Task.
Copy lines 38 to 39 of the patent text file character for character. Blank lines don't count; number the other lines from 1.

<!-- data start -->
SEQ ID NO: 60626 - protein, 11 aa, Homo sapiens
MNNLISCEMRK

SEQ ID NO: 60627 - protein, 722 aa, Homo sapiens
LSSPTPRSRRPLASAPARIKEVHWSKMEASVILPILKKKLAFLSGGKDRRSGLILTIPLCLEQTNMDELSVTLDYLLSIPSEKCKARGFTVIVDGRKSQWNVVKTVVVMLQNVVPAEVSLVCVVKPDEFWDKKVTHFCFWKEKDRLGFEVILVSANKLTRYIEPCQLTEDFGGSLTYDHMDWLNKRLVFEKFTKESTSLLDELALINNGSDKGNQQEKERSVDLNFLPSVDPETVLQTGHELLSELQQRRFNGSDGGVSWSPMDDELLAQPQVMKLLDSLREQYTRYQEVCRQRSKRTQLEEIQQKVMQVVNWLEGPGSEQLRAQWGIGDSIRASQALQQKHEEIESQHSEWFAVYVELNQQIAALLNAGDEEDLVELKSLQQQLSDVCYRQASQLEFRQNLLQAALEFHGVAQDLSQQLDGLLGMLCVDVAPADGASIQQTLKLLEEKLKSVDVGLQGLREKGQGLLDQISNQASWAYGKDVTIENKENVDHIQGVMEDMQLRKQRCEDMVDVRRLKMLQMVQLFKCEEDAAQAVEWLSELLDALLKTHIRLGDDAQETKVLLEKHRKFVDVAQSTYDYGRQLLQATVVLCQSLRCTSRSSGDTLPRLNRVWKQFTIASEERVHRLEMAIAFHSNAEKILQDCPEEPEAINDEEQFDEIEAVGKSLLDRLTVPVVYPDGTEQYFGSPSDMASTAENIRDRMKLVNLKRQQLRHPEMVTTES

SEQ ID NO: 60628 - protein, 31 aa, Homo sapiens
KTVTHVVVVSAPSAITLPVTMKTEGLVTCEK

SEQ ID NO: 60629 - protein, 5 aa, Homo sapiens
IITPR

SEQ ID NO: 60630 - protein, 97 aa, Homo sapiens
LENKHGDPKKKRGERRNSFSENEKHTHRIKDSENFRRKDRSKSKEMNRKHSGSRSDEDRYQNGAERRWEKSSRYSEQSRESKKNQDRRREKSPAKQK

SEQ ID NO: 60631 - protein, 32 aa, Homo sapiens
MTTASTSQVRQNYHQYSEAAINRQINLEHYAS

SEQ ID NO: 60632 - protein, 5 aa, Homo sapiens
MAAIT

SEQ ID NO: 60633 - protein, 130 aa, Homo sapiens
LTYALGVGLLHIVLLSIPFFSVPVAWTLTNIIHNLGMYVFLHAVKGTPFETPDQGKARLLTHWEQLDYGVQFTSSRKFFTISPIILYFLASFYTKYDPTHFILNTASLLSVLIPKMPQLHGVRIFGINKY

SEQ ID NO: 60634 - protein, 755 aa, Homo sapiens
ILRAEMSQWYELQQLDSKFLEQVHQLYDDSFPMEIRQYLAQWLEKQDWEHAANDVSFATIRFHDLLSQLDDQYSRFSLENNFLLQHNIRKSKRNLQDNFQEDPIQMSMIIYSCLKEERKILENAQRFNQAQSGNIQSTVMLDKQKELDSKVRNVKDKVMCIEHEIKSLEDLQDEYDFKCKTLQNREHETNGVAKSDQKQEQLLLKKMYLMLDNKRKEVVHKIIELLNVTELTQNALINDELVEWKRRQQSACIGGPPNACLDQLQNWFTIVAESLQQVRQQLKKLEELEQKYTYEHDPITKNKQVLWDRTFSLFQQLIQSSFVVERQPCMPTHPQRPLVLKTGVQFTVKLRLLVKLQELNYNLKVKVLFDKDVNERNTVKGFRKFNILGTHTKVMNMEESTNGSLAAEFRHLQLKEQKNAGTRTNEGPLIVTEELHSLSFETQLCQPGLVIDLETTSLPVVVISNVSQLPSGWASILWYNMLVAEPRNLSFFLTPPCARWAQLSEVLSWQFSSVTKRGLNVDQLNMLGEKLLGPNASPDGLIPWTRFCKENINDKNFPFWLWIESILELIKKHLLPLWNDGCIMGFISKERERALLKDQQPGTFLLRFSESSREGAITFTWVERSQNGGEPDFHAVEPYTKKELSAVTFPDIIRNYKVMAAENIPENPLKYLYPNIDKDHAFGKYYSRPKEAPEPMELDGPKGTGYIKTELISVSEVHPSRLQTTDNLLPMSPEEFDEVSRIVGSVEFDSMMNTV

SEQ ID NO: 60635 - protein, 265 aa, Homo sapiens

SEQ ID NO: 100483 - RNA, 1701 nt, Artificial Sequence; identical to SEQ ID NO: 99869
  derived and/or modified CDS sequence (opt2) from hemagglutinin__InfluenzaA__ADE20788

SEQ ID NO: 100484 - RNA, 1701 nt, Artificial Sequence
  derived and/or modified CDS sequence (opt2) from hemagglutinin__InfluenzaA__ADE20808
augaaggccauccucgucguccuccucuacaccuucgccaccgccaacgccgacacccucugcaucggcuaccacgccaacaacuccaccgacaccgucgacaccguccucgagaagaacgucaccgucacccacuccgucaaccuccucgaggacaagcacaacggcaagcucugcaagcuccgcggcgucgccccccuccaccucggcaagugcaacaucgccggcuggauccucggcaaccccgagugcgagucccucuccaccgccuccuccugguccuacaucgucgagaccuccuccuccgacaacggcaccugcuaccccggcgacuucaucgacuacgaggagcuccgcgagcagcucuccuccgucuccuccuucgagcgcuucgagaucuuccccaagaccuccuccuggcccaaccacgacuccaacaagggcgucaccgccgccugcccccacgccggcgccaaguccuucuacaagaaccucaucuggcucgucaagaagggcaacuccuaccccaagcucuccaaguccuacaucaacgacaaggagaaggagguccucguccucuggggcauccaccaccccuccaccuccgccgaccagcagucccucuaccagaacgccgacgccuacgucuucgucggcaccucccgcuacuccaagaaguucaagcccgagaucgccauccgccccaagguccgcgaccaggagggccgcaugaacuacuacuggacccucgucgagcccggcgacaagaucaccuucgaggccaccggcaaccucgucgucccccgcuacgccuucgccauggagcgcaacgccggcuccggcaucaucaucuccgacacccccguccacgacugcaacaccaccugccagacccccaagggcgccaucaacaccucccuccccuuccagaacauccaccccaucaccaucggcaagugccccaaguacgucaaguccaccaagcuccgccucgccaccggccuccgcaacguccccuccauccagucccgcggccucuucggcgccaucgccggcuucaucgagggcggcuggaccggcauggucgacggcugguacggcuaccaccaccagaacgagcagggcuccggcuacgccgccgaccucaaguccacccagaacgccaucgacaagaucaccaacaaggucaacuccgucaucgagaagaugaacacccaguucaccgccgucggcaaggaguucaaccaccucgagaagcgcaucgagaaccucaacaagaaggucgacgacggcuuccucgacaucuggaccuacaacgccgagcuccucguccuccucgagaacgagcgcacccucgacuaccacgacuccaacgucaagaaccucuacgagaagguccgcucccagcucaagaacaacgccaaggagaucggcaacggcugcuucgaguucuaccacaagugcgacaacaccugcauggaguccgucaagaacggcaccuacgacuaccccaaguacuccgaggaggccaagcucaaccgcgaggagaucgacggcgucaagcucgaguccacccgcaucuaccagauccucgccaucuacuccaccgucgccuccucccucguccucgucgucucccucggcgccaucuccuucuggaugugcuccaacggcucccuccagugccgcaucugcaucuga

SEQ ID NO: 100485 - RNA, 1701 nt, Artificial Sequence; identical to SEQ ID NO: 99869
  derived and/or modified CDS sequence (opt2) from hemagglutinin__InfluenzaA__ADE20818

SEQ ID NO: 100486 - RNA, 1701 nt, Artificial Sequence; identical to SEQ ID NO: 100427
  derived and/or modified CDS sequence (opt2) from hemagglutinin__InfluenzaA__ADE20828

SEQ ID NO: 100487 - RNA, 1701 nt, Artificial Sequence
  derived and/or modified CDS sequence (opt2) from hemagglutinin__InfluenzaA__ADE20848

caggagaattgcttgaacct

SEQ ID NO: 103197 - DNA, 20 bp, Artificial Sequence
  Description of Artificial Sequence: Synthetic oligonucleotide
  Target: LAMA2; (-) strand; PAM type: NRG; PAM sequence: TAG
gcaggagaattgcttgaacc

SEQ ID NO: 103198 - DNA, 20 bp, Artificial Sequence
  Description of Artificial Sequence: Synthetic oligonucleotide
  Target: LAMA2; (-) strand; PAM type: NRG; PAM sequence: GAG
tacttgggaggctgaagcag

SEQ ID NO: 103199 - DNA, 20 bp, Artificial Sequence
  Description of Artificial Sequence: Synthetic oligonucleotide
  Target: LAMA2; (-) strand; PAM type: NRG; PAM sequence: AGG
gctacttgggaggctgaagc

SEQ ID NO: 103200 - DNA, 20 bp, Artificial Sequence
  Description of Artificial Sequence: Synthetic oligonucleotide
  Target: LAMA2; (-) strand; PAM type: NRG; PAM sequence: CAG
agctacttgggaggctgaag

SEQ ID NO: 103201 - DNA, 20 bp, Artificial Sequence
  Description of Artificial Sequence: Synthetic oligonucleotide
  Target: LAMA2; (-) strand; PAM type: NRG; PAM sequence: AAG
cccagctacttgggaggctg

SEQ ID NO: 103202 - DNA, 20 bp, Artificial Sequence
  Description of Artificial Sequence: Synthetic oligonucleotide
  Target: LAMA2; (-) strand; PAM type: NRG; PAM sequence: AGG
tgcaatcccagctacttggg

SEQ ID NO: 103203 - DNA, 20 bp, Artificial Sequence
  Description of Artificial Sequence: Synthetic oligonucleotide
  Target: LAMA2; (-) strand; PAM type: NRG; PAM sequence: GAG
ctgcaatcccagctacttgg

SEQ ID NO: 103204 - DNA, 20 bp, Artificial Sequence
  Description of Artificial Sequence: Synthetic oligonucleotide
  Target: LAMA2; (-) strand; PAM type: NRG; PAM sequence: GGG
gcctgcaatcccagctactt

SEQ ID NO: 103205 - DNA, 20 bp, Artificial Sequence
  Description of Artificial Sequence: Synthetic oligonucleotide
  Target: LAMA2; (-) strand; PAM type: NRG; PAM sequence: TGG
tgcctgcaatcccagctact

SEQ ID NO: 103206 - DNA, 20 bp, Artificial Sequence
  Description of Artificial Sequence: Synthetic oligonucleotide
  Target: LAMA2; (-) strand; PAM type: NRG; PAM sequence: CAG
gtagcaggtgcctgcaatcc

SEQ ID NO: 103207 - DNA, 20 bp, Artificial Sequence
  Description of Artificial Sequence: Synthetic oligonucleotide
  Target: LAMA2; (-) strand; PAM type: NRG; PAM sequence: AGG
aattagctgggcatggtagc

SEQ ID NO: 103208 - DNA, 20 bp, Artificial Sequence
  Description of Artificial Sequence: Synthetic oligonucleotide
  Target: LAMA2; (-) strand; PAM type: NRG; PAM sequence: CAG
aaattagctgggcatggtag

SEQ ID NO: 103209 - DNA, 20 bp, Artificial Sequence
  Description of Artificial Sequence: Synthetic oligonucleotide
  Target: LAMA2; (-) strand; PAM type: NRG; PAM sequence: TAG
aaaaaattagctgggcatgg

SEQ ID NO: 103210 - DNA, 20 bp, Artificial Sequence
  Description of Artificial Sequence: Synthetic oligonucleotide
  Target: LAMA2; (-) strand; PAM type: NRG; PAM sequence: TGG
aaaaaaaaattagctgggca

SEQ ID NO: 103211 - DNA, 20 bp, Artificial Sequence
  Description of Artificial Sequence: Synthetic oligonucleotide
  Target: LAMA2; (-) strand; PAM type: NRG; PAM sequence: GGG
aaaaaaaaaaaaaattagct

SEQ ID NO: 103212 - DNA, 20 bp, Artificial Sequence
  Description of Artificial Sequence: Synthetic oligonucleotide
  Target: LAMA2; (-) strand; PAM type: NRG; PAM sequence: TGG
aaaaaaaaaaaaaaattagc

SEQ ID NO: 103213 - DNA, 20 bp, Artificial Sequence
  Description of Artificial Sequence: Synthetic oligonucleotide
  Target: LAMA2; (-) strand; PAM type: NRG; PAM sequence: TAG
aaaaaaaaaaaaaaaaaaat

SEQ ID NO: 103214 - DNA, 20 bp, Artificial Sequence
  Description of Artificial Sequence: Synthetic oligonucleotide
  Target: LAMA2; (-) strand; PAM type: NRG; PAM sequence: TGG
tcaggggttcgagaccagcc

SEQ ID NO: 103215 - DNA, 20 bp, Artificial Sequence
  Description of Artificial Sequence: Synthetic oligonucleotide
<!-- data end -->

  Target: LAMA2; (-) strand; PAM type: NRG; PAM sequence: GAG
tacttgggaggctgaagcag